Selling Online? Tax changes could drastically affect your bottom line
When you buy an item, say, a book at your local bookstore, the bookstore charges you a sales tax. However, if you were to buy that same book through an E-commerce business such as Amazon.com, you typically would not be charged a sales tax. Instead, the purchaser is supposed to report and remit to the state a use tax on that purchase. But most people don't even know this, and it's virtually impossible for taxing authorities to enforce the use tax against so many consumers.
Why does the local bookstore need to collect a sales tax, but Amazon does not? Interpreting the Constitution, the U.S. Supreme Court decided that a vendor cannot be required to collect or remit sales taxes unless that vendor has a physical presence (called "nexus") in the taxing state. Unlike the local bookstore, which has a physical presence (employees, inventory, etc.), remote sellers like Amazon do not have a physical presence in most states.
Impact on governments: E-commerce sales accounted for up to $12 billion of lost tax revenues in 2010 alone for the approximately 9,600 state and local governments that impose sales taxes. States have developed several responses which include stretching the meaning of "physical presence."
States' responses: In 2011, 22 states proposed legislation imposing sales tax collection responsibilities on remote sellers such as Amazon. Recently enacted (and proposed) legislation includes so-called "Amazon-affiliate" nexus laws in New York and other states. These laws attack agreements whereby in-state residents' websites or blogs refer customers to the remote seller's website. In return, the remote seller pays a commission. According to a few states' laws, such arrangements constitute doing business in the state by the remote seller, which is then obligated to collect and remit tax. There are pending court cases in New York and Illinois over the constitutionality of these laws.
Several states now require remote sellers to: (1) Notify their customers they must pay use tax; and (2) Report the sales details to the state. Colorado's law imposes hefty penalties for noncompliance. The Direct Marketing Association sued the State of Colorado. The court has not yet decided the case; however, it has temporarily issued an injunction preventing Colorado from enforcing the law against out-of-state companies that have no physical presence in the state.
Some states' laws presume that the remote seller has nexus if there is an in-state affiliate that advertises on its behalf, uses the same service marks, or owns or is owned by the in-state affiliate. Even before such laws were on the books in California, a court held that a Michigan-headquartered remote seller (an online retailer) was obligated to collect California use tax because of its interconnection with its related California bricks and mortar stores. Not only did the online retailer and the stores share the same name, but the stores allowed the customers of the online retailer to return books to the stores.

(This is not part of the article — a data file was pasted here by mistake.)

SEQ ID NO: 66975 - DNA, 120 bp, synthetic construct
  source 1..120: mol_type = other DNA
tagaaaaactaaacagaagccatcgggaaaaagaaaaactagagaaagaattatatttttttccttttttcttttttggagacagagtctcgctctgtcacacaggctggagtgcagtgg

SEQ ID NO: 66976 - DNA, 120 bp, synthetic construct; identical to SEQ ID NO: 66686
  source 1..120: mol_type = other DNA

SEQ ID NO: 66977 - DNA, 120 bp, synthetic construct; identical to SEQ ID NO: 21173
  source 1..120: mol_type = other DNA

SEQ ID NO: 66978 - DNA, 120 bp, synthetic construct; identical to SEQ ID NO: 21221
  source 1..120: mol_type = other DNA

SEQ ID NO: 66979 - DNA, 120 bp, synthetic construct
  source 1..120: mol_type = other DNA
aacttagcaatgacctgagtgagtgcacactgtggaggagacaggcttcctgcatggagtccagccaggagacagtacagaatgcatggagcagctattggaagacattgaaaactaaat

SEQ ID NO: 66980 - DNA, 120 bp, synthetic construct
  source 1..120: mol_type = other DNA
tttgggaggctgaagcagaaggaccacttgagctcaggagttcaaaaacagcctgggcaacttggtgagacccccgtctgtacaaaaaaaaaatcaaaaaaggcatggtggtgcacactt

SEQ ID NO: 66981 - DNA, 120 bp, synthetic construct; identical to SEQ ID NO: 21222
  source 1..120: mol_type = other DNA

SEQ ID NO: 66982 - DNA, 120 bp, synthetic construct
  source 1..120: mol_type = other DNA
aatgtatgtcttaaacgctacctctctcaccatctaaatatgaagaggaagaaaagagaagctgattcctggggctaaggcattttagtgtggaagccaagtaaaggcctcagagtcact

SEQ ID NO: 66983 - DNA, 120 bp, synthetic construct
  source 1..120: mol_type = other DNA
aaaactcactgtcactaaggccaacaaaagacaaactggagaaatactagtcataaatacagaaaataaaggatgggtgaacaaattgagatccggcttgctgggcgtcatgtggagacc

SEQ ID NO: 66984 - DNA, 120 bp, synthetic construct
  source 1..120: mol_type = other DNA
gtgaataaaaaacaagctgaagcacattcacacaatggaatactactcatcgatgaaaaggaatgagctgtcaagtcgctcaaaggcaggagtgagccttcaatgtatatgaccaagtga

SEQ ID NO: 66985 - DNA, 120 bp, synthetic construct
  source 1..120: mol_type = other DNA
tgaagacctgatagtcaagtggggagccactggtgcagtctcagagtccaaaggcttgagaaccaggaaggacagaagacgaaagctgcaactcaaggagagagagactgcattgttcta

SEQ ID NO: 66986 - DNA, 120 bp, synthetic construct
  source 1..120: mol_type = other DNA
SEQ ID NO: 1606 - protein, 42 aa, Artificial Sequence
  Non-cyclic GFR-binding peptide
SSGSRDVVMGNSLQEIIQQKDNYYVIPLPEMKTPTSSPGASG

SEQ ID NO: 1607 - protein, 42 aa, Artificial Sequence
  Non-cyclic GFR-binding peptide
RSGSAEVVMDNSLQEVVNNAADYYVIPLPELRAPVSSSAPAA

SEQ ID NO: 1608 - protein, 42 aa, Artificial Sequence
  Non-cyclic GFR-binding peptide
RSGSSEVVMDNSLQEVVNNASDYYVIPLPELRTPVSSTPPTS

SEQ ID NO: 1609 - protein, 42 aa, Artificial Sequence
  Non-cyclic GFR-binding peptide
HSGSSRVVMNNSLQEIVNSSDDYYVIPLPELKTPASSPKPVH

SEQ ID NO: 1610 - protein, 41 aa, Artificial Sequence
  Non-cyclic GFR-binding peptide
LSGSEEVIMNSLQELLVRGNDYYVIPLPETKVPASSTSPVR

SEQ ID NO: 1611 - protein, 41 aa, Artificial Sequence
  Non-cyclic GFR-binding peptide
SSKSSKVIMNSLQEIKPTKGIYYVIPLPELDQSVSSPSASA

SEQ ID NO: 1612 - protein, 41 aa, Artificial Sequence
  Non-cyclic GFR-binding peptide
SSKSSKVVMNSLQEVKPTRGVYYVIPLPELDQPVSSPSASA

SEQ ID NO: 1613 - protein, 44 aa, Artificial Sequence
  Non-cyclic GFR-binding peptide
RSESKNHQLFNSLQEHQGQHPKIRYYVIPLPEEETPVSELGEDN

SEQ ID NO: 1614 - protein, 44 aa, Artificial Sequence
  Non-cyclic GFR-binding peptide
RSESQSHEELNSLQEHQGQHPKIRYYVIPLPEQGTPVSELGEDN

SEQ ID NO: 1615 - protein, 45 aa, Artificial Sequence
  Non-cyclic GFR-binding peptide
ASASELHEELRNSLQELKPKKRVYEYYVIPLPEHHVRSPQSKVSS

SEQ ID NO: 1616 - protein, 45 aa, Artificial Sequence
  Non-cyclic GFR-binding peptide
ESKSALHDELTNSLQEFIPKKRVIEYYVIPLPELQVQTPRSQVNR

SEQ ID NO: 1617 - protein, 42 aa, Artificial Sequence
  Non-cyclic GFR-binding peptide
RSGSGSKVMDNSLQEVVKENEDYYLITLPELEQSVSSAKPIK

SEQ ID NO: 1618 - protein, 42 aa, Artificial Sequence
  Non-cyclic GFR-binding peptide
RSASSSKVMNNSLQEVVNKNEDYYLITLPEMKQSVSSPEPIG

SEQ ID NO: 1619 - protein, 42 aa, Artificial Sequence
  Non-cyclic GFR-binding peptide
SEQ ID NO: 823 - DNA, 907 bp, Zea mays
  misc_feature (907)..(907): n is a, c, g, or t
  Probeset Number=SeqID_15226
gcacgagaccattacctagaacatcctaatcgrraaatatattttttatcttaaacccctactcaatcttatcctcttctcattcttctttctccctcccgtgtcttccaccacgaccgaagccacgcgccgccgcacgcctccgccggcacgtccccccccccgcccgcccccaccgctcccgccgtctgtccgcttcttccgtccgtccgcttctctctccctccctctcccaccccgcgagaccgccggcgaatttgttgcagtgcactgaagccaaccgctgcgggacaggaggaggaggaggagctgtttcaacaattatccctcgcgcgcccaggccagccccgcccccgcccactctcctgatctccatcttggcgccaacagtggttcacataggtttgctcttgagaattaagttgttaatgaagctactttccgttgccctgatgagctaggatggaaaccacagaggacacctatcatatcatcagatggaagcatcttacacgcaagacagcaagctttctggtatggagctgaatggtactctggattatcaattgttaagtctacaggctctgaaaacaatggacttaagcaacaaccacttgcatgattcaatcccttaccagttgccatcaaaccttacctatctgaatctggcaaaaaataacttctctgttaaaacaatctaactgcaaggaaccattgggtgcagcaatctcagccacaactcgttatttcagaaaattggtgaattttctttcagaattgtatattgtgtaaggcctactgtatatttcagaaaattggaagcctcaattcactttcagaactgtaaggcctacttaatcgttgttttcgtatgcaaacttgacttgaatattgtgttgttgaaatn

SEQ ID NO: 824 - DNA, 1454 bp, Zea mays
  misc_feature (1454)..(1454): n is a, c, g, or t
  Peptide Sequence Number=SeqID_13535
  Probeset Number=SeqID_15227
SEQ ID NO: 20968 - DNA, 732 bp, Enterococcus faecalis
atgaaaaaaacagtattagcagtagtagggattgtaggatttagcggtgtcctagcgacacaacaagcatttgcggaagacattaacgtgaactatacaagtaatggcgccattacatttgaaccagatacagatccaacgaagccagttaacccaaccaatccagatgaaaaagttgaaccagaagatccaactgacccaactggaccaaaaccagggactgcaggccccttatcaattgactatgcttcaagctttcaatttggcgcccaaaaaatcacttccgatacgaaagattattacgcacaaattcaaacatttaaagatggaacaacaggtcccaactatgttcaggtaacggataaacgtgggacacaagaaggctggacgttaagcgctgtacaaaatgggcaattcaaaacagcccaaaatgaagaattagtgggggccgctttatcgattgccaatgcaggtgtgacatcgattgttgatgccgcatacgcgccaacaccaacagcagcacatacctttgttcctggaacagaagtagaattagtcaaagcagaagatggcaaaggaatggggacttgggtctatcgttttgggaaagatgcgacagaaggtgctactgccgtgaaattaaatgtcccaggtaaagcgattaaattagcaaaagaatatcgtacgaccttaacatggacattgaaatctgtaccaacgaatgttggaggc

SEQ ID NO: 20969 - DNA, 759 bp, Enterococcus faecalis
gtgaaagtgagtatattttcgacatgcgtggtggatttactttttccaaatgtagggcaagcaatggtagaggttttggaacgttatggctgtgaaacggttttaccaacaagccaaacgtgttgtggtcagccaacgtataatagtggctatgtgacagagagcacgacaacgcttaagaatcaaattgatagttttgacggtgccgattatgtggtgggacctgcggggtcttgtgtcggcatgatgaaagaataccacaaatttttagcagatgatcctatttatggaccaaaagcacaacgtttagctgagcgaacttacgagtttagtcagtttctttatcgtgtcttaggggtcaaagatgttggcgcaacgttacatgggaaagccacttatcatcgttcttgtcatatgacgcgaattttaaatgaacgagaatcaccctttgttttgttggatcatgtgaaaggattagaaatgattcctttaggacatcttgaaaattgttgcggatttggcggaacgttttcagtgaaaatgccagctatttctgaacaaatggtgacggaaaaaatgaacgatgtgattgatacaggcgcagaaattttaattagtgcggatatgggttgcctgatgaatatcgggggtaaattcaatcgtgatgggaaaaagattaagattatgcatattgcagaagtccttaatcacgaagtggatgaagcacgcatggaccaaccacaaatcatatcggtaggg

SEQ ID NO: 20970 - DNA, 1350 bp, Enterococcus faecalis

Recently, the Ohio Tax Commissioner affirmed L.L. Bean's liability under Ohio's Commercial Activity Tax ("CAT"). L.L. Bean is a catalog and internet company having no physical presence in Ohio. Under the CAT "bright line nexus" test, L.L. Bean was subject to tax because it had at least $500,000 gross receipts from Ohio sources. This case is being litigated.
Federal legislation: Proposed federal legislation intending to provide more uniformity and clarity includes: (1) The Main Street Fairness Act, requiring remote sellers to collect sales taxes in states that have adopted legislation simplifying their sales tax laws; (2) The Business Activity and Tax Simplification Act of 2011, defining "physical presence" that would subject a business to income and other business taxes (excluding sales and use taxes); and (3) The Digital Goods and Services Tax Fairness Act of 2011, regulating taxation of downloaded music, movies and online services, and specifying which jurisdiction(s) can tax the interstate sale of a digital good or service.
Conclusion: Recent tax changes can drastically affect business' bottom lines. It pays to be aware of developments and plan accordingly. See next page for some practical tips!